Hal Jordan is a fighter pilot, and thanks to Top Gun we all know that fighter pilots are supposed to be cocky. So to play Hal it only makes sense to hire Ryan Reynolds, who projects a certain low-level cockiness even when he doesn't intend to.
What we don't expect is a guy who seems to resent the acquisition of superpowers because it takes time away from his moping, which is what we get with Reynolds's take on the much-loved DC hero Green Lantern.
Green Lantern is one of those films where it seems like the director, writer, and star are all envisioning slightly different films. Director Martin Campbell has a dark, stolid style that threatened to slow down his previous action films: his Bond films (Casino Royale and Goldeneye), the Mel Gibson thriller Edge of Darkness, and earlier works like The Mask of Zorro were all stories that were high-adrenaline in premise but somehow stiffened up in execution. The same goes here: Green Lantern should soar like its titular hero, but the focus on the angst infesting everyone like a plague -- hero Hal, human villain Hector Hammond (Peter Sarsgaard), Lantern leader Sinestro (Mark Strong), and even the cryptic elders who created the Lantern Corps and who seem to come from the Talosian race that imprisoned Christopher Pike in "The Cage" -- gives the whole movie lead boots that strain even the most triumphant moments.
The writers, Greg Berlanti, Michael Green, Marc Guggenheim, and Michael Goldenberg, of course, provide the basis for this emotional dolor, but there are plenty of ways in which the same dialog could have been used in the service of a much more uplifting film. Some corners of the wandering screenplay convey a genre-savviness and a twinkle in the eye (Hal, who wasn't told the Green Lantern oath when he got the ring, wryly tries out a number of possibilities, including "To infinity and beyond!" and "By the power of Greyskull!"). Berlanti and Guggenheim are two of the people behind No Ordinary Family, which was driven by the kind of energy that's in short supply here.
Script and Star
Part of the problem is the amount of material the script for Green Lantern has to cover. The storyline is forced to accommodate Hal's internal conflicts (manifested in his high-friction relationship with his briefly seen family), the introduction of the Lanterns and their Guardians, the origin and resurfacing of the planet-killing enemy Parallax, Hector's transformation into a blobby-headed monster with the power of fear at his command, plus all the stuff with the defense contractor involving Carol Ferris (Blake Lively) and Senator Hammond (Tim Robbins). With that much exposition, it's no wonder the production has trouble lifting off.
And then there's Hal himself. Ryan Reynolds seems to have decided that Hal Jordan isn't just going through a rough patch -- he's one of those guys who doesn't know from joy, whose natural mien is to see the dark side. You wait through the whole film for Hal to become excited and energized by his abilities, but the most he is able to manage is grim resolve. It's hard to cheer for someone whose main emotional achievement is to find it within himself not to walk away from the stuff he doesn't want to deal with.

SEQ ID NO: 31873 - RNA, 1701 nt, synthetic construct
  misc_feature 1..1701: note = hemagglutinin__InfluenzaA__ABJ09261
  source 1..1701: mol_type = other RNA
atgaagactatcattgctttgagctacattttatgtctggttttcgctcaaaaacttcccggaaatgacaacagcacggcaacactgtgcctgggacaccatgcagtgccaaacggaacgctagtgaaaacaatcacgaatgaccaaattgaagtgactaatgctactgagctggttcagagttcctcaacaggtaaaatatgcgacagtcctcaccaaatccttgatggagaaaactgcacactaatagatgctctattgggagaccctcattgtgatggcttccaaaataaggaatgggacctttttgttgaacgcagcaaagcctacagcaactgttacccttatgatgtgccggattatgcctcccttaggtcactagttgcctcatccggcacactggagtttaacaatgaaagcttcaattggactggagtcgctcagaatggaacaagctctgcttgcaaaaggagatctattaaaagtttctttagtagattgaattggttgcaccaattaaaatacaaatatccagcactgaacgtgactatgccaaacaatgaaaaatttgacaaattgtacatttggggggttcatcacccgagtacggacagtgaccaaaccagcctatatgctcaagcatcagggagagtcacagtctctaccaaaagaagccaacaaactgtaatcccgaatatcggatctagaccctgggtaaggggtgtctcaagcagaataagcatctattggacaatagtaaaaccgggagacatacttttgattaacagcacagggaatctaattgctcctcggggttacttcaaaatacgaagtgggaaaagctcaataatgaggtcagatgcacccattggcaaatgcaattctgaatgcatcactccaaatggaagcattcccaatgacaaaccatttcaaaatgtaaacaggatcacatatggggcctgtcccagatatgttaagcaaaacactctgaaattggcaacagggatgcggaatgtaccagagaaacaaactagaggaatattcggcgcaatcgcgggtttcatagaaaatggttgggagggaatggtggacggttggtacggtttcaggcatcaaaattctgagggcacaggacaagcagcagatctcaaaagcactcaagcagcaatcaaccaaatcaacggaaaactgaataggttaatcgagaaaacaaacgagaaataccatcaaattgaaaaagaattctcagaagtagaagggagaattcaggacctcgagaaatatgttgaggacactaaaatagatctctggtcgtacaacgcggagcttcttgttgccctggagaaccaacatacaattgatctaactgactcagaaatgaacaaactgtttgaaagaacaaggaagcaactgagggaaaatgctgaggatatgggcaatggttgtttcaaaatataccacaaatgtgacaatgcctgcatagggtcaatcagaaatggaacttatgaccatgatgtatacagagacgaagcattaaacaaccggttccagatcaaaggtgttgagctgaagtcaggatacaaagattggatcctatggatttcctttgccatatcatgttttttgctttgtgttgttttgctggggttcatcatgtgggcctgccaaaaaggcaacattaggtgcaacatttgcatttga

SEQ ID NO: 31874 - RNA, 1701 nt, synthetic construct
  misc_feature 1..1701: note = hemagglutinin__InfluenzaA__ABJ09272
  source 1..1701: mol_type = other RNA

This Hal Jordon never really conveys a sense that being a superhero is -- well, empowering, for one thing, or even fun. There are moments in the storyline that are clearly set aside for this purpose, but Reynolds doesn't show up for them.
Friends and Girlfriends
Sure, superheroes are supposed to be full of conflict. Both Spider-Man and the original Superman revolve around conflicts that divide the hero from himself. But those heroes engage at full throttle in a crisis. Hal fights villains with a preoccupied air, as if he'd really rather be at home staring at a wall.
The long checklist of plot points does a disservice to the supporting cast -- particularly Taika Waititi as Tom, who's positioned as Hal's best friend but who shows up in only a handful of scenes, some of which don't even wait until the cut to the next scene to forget he exists. It would be a cheap shot to say that Blake Lively, as love interest Carol, doesn't live up to her own name, but the fact is that despite having considerably more screen time than the best friend she's utterly forgettable, and the connection forged between Carol and Hal is not exactly one of intense devotion. I can't picture Hal turning back time for Carol the way Superman did for Lois, for example. It's much easier to imagine him coursing through space on the way home from Oa muttering to himself, "What's my girlfriend's name again? Carrie? Caroline? Damn, it was something like that."
Effects and Franchises
On the level of craft, Green Lantern is made well enough. The hero's "constructs" -- the things he can make with his mind using the ring -- are supposed to look a little cartoonish, and they're fun to watch in execution. The Lanterns' home planet, Oa -- full of strange landscapes and stranger creatures -- never elevates above the "I'm looking at really competent CGI" level. On Oa you never leave behind the sense that Reynolds is on a green screen soundstage, which is a shame.
Green Lantern has the elements of an engaging superhero drama, but it does not completely succeed in providing one. The ponderous quantity of material being covered clearly signals a hope for a franchise, but the unavoidable sequel tag after the closing credits is perhaps the wrongest part of the movie. I won't spoil it, but suffice to say that one of the characters does something completely unnecessary and inexplicable just to set up the next movie. When you're making a superhero movie, it's bad enough if you can't get it to rev up and take off -- but your last moment with the audience certainly shouldn't be one that elicits the response, "What the -- ? Why did he do that?"